Friday, April 11, 2014

The Real Cost of Nuclear Power

Cheap nuclear power?

Few nuclear power plants have been built in Europe or America over the past twenty years. That's not because of the dangers of nuclear energy, which governments have pers istently played down, but simply a matter of economics. Nuclear has not been competitive with other sources, especially coal and gas (see [1]Nuclear Renaissance Runs Aground and other articles in the series,SiS 40).
But as we are committed to reducing our use of fossil fuels, the nuclear industry is trying to make a comeback. A recent UK White Paper tells us that it is the most cost-effective low-carbon generation technology [2].
We've been here before. When the first nuclear power plants were being built in the UK, we were promised that they were going to be a uniquely economical way of producing electricity. There were even claims that electricity meters would soon be obsolete because the price would be so low it wouldn't be worth measuring how much we used. In fact, nuclear power has turned out to be very expensive, which is why the Thatcher government was not able to sell the nuclear power stations when it privatised the rest of the electricity supply industry. The taxpayer was left to pick up the tab for the cost of decommissioning and disposing of the waste, and the bill is £72bn and rising (see [3] Nuclear Industry's Financial and Safety Nightmare SiS 40).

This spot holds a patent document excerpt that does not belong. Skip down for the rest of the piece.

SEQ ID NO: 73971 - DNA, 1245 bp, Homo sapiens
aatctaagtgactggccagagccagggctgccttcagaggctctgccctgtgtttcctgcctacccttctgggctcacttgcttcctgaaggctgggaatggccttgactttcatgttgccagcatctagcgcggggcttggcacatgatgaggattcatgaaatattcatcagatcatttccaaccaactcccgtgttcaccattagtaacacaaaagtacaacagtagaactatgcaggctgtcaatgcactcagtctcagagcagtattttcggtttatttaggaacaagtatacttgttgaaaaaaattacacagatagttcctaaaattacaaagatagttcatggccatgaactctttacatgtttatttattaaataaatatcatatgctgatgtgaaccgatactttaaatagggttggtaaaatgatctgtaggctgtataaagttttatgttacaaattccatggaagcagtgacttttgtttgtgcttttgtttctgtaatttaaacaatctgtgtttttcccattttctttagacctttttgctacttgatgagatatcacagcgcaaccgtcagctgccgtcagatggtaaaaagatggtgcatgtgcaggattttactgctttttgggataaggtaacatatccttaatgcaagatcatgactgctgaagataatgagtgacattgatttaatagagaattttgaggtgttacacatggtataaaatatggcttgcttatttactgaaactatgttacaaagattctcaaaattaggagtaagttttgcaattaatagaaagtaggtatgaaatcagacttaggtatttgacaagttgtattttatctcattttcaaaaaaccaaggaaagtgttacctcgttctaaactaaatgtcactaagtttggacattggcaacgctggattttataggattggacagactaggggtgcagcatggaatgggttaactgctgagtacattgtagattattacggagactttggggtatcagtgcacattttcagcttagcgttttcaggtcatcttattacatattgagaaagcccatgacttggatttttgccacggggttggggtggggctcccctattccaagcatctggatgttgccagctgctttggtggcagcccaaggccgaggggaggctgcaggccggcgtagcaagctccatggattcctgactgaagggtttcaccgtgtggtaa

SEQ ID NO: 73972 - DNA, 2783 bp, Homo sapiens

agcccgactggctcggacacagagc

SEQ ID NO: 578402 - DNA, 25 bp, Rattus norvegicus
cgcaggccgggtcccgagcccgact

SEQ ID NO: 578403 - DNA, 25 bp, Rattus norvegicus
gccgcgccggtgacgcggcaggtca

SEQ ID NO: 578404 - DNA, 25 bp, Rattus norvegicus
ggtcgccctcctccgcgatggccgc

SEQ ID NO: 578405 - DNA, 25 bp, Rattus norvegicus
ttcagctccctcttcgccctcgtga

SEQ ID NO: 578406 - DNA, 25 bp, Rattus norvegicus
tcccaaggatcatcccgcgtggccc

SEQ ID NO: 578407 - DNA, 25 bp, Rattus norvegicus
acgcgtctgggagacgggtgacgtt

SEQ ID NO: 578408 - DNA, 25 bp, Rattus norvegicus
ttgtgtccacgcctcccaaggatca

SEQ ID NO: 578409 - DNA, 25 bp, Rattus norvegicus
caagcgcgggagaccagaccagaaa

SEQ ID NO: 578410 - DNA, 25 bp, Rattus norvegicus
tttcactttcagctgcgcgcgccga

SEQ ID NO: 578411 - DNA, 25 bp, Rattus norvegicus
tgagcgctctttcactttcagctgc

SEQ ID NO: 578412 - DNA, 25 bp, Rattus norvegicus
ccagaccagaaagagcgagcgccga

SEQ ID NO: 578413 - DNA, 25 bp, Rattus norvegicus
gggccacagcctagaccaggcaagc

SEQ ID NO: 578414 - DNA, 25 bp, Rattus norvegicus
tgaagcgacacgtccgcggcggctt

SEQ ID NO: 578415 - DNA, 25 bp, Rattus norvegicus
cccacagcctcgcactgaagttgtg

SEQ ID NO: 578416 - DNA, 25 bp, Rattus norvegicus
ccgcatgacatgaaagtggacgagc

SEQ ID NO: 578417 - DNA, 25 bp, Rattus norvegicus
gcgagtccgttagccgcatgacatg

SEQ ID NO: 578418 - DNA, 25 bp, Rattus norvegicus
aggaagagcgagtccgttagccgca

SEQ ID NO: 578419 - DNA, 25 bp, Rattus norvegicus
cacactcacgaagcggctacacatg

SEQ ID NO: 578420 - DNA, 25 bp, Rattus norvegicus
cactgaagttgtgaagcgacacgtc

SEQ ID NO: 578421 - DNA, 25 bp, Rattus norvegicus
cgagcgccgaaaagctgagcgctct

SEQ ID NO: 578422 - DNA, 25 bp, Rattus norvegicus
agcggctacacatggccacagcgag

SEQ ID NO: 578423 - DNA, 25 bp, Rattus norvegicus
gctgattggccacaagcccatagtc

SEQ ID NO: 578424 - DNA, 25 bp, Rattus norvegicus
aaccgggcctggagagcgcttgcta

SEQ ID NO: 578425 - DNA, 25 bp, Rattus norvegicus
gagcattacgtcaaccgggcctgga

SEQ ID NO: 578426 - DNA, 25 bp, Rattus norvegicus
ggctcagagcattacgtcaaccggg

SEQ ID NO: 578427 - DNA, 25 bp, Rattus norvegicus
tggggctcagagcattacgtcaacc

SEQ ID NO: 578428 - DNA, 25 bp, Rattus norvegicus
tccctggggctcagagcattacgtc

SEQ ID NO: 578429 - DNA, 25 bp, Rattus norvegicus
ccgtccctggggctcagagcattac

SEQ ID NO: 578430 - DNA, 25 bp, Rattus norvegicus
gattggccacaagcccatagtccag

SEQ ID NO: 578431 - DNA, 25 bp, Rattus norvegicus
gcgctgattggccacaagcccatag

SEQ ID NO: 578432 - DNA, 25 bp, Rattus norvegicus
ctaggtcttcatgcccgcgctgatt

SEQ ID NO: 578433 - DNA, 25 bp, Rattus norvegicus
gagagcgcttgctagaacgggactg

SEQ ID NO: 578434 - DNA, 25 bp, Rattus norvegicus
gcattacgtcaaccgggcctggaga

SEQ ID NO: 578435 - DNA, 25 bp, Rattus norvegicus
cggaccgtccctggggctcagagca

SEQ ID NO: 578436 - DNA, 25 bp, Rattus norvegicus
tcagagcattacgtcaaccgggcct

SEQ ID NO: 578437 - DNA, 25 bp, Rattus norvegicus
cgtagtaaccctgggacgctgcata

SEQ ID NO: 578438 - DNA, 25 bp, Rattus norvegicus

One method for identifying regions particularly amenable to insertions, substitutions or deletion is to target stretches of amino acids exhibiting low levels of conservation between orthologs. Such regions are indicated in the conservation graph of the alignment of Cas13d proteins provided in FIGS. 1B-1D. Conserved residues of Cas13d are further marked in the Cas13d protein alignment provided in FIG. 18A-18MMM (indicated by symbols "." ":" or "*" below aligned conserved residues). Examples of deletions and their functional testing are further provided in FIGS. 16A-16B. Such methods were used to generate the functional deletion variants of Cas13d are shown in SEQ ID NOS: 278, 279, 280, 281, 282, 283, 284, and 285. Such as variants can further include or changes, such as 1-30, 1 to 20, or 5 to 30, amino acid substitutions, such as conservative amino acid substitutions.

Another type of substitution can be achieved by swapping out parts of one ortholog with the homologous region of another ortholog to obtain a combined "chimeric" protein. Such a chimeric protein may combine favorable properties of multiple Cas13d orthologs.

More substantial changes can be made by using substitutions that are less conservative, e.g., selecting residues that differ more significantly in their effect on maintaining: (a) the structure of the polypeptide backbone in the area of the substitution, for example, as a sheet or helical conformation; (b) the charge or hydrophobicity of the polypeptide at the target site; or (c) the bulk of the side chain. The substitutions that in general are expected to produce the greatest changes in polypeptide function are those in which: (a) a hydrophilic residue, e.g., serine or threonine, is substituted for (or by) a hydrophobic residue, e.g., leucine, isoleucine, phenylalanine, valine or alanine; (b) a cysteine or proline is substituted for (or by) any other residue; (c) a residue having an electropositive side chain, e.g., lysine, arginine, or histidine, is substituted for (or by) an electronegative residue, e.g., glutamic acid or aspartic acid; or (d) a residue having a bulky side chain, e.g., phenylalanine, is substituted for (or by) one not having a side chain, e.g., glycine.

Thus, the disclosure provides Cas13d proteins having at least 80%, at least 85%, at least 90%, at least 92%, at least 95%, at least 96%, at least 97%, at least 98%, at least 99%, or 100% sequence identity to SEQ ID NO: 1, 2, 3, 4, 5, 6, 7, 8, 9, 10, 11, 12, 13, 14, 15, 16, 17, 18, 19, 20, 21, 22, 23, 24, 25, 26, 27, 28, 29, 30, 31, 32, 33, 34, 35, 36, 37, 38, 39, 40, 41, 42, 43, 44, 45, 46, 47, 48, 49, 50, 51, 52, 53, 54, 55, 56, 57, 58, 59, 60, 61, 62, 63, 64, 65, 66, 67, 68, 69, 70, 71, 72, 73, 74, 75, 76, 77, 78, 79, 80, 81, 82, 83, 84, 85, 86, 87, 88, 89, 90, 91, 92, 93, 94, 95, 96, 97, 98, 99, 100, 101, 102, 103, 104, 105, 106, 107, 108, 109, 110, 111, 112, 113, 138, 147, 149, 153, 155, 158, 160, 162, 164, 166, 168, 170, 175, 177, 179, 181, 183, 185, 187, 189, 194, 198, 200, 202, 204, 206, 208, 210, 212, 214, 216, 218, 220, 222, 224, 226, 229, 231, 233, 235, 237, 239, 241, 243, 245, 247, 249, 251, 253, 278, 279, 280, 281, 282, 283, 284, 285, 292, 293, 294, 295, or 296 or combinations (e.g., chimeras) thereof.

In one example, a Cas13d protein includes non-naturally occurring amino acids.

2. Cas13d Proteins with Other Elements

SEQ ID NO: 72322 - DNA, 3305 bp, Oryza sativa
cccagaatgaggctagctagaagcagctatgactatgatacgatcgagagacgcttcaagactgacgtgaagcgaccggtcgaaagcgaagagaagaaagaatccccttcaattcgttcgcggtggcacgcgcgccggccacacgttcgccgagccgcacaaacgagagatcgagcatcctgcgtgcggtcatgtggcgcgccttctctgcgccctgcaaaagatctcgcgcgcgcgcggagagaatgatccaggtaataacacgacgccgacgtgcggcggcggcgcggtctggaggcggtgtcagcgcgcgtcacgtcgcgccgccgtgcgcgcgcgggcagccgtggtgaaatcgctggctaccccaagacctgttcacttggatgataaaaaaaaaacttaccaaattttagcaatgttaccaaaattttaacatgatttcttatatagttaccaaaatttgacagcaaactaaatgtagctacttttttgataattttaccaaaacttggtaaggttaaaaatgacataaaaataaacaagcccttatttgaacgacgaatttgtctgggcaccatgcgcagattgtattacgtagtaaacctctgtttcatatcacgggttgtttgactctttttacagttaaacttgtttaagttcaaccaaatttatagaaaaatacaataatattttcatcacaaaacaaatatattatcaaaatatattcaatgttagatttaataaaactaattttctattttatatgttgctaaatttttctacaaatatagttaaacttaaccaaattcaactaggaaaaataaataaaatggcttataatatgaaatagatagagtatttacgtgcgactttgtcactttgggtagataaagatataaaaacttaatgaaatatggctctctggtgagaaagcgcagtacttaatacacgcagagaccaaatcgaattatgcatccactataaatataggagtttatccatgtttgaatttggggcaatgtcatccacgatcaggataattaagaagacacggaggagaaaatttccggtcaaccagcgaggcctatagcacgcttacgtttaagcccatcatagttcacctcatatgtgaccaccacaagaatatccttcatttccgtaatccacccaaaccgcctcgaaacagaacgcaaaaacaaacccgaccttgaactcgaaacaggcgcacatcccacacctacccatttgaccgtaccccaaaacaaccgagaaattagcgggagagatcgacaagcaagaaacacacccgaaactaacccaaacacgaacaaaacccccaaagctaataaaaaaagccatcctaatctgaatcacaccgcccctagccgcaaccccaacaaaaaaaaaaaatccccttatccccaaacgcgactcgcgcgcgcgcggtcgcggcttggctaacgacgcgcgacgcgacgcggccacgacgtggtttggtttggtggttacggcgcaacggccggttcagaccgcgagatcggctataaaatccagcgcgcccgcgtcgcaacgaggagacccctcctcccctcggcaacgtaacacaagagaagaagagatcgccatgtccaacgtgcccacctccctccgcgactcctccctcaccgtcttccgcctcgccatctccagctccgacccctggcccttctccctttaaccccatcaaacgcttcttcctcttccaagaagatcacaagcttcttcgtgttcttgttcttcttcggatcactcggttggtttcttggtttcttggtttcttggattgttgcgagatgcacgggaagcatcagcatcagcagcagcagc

This time, the overnment assures us, things are going to be different. Nuclear energy will not be too cheap to meter, but it will produce clean electricity at a competitive price. That will make it an attractive investment for private industry, which will bear the costs of building, operating and decommissioning the plants. The government will only have to give a clear go-ahead so the process can begin, streamline the planning process to avoid ‘unnecessary' delays, and set up some scheme whereby a small fraction of the money paid by the consumers will be put aside to cover the costs of decommissioning and waste disposal. The government will neither have to contribute any taxpayers' money nor get involved in organising new ways of producing and distributing electricity. It will be a simple matter of disconnecting the old coal and gas powered stations and plugging in the new nuclear plants [2].
However, a recent report from Citigroup Inc, the world's largest financial services network, paints an entirely different picture [4]. They point out that the UK is the only country where new nuclear is currently being proposed without financial underpinning from the state. They see little prospect of any new nuclear stations being built in the UK unless the government provides substantial subsidies in one form or another.
The claim that nuclear energy will be self-financing depends on assumptions that are out of line with other current estimates. If the government commits us to a heavy dependence on nuclear power and only afterwards realises that subsidies are required to get the plants built and running, we will have written the industry a blank cheque.
There is no need to go for nuclear energy at all, because renewable sources such as wind, solar, biogas, tidal and so on are capable of supplying enough energy (see [5] Green Energies 100% Renewables by 2050 , ISIS publication). Furthermore, while the cost of nuclear energy keeps rising, that of renewable energies is falling as the technology improves. Since 1990, for example, the cost of solar photovoltaic power in the US has fallen by about half in real terms (i.e. after correcting for inflation) and while it was then about four times as expensive as grid electricity it is expected to reach parity in 2015 [6].
That is why Germany has chosen not to build new nuclear plants but to meet its carbon targets by switching to renewable sources [7] ( Germany 100 Percent Renewables by 2050 SiS 44) . It also means to keep its industry strong by becoming a world leader in renewable technology.

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